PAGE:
E.E. Dixon and B.D. Humphreys designed the study; E.E. Dixon carried out experiments; E.E. Dixon, H. Wu, Y. Muto, P.C. Wilson, and B.D. Humphreys analyzed and interpreted the data; E.E. Dixon and H. Wu made the figures; E.E. Dixon and B.D. Humphreys drafted and revised the paper; all authors approved the final version of the manuscript. The authors thank the lab of Dr. Leslie Gewin of Washington University School of Medicine in St. Louis for advice on immunofluorescent validation. The authors also gratefully acknowledge the Washington University Genome Technology Access Center for sequencing support and the Washington University Center for Cellular Imaging for their training and expertise for immunofluorescence applications.
Data Sharing Statement
To increase rigor and reproducibility, spatial transcriptomic data for all samples were deposited in the Gene Expression Omnibus (GSE182939) and were also uploaded into the (Re)Building a Kidney Consortium database and are fully accessible at https://doi.org/10.25548/17-E9J6.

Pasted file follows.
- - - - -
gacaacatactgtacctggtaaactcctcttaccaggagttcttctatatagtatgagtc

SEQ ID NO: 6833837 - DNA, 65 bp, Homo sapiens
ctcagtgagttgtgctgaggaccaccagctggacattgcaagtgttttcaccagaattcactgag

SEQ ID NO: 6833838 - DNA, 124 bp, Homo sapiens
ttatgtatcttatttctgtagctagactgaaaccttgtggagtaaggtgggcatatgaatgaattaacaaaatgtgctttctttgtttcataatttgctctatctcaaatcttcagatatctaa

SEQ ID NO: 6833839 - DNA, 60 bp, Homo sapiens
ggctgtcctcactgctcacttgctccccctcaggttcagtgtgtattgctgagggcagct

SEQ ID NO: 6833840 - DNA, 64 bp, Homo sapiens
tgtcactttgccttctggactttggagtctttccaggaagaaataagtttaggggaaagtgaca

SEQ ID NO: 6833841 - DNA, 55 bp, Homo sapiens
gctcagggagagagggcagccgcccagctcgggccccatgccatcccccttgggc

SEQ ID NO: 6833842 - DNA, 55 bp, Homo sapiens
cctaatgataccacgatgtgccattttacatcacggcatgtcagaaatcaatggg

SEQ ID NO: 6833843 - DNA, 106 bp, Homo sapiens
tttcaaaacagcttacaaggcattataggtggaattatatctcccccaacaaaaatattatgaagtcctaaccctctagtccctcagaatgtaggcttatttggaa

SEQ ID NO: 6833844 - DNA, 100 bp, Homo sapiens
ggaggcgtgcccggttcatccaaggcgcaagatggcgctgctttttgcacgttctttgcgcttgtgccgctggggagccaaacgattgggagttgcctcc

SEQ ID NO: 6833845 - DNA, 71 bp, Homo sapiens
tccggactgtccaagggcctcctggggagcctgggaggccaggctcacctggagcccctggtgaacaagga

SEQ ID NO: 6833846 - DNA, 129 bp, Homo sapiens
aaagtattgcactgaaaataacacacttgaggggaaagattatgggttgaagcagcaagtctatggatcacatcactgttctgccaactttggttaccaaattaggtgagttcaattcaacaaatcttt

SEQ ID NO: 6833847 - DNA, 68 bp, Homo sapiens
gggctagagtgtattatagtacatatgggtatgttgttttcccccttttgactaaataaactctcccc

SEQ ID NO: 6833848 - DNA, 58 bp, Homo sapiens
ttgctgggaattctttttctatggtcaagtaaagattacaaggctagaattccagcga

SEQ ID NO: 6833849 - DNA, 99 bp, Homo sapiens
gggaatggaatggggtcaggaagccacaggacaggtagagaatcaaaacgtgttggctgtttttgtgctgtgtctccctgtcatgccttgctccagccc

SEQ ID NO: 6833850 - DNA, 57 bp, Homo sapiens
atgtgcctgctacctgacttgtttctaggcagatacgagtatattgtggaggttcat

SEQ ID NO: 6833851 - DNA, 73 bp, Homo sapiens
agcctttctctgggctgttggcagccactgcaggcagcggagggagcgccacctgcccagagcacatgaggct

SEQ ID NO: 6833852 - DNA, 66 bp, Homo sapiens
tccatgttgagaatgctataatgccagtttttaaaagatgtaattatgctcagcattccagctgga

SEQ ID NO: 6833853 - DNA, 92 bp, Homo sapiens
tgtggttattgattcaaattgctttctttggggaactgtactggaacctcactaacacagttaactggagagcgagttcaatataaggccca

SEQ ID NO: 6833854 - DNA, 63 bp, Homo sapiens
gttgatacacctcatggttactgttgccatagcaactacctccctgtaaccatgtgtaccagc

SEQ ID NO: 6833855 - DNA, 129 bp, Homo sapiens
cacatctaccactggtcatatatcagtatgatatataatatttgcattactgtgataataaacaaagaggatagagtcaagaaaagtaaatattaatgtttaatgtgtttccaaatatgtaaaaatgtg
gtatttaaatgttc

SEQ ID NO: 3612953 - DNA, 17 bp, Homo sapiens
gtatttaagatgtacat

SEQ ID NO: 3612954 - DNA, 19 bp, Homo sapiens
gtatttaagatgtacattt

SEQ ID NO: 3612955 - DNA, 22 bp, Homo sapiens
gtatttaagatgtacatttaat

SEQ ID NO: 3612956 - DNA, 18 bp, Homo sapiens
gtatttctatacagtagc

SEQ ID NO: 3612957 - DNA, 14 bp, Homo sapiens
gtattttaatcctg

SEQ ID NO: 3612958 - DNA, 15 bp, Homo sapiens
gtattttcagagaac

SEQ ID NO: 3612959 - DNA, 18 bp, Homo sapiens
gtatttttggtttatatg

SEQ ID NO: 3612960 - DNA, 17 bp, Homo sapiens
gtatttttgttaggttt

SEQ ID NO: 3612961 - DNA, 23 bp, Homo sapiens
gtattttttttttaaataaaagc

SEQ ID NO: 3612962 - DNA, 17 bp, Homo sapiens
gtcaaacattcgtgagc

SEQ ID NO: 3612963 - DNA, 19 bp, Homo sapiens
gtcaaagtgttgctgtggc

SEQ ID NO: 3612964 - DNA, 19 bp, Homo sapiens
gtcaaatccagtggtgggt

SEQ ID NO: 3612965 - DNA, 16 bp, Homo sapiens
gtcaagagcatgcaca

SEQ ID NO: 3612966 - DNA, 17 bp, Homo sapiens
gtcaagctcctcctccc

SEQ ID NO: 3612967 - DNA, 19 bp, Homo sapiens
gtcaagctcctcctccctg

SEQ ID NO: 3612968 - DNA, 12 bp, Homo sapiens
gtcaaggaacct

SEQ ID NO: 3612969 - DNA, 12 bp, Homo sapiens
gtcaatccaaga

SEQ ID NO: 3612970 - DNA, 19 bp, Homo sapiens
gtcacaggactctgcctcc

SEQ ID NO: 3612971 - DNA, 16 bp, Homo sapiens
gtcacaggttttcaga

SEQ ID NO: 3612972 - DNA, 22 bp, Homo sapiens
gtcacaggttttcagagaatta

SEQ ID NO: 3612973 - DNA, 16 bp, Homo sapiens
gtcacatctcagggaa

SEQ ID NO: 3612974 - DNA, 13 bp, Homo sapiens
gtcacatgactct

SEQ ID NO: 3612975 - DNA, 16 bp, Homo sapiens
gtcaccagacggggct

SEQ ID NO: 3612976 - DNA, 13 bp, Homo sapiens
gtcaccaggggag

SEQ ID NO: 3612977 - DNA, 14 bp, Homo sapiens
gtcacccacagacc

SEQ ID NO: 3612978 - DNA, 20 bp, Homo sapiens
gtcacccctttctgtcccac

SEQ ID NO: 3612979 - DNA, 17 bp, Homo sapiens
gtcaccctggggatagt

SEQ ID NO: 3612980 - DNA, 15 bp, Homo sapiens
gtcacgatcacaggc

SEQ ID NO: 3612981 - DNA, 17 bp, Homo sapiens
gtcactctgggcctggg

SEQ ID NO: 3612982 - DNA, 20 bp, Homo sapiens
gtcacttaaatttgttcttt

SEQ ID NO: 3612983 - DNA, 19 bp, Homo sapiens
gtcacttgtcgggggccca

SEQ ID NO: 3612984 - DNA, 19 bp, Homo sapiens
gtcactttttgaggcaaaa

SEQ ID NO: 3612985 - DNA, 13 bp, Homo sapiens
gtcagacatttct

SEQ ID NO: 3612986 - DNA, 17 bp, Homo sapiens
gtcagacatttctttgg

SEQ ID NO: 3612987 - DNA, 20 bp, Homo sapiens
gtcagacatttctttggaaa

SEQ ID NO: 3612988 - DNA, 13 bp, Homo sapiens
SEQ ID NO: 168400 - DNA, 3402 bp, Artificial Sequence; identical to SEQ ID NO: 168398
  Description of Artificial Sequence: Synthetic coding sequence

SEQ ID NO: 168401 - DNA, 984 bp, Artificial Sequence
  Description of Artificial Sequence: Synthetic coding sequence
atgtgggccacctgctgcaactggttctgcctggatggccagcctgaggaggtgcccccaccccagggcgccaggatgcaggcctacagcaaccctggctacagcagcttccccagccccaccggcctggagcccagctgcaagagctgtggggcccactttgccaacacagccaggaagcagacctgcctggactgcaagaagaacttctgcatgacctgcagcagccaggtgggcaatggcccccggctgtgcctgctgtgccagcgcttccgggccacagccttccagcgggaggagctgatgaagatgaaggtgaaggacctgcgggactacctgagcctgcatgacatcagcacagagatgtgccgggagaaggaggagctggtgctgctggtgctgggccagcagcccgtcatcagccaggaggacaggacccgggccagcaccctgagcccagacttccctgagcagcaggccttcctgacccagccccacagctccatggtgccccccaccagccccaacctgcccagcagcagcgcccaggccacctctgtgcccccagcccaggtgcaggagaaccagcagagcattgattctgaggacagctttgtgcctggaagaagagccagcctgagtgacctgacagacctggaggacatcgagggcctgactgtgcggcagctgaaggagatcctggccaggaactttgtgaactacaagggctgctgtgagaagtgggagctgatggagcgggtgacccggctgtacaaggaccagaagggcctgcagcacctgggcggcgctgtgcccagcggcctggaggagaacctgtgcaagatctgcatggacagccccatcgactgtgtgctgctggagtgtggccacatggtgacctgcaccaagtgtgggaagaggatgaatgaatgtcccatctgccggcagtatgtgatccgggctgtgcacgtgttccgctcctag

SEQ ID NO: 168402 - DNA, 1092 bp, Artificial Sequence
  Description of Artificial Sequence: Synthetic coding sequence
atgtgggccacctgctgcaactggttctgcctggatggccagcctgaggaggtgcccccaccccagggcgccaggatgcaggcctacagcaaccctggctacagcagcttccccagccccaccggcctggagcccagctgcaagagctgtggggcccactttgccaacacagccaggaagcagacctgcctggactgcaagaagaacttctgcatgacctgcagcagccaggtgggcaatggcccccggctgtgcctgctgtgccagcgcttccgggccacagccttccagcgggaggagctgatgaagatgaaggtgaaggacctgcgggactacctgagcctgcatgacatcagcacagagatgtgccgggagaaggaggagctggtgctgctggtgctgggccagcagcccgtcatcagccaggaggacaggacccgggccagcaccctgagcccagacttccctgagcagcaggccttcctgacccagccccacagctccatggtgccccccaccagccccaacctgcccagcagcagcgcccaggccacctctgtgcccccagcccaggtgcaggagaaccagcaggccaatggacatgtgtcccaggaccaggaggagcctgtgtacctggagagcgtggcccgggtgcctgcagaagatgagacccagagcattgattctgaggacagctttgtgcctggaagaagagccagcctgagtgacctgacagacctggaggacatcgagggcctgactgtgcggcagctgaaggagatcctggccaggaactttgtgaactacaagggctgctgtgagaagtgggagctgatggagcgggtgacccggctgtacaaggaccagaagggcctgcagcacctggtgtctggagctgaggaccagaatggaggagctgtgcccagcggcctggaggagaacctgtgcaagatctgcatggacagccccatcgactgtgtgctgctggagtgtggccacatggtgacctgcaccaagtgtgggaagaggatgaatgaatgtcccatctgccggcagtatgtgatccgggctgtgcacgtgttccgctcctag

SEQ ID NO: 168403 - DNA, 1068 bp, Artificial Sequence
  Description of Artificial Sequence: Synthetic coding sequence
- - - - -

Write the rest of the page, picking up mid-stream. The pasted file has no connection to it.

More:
This article contains the following supplemental material online at http://jasn.asnjournals.org/lookup/suppl/doi:10.1681/ASN.2021081150/-/DCSupplemental.
Supplemental Figure 1. Hematoxylin and eosin images and library quality for Visium.
Supplemental Figure 2. PAGE enrichment of cell type specific DEGs in female and male shams.
Supplemental Figure 3. Visualizing injured cell types in Giotto.
Supplemental Figure 4. Factor H expression in injury.
Supplemental Figure 5. SPOTlight deconvolution of total female sham kidney.
Supplemental Figure 6. Macrophage marker expression, gene ontology of DEGs, and visualization on KIT.
Supplemental Data File 1. DEGs from snRNA-seq used for PAGE enrichment in Giotto to characterize cell types in Visium data.
Supplemental Data File 2. DEGs for principal cells (PC at 4 hours, 12 hours, 2 days), thick ascending limb (TAL at 4 hours, 12 hours, 2 days), proximal tubule segments 1–2 (PTS1-2 at 4 hours, 12 hours, 2 days), proximal tubule segment 3 to thick ascending limb (PTS3-TAL at 4 hours, 12 hours, 2 days, 6 weeks), and total kidney (6 weeks).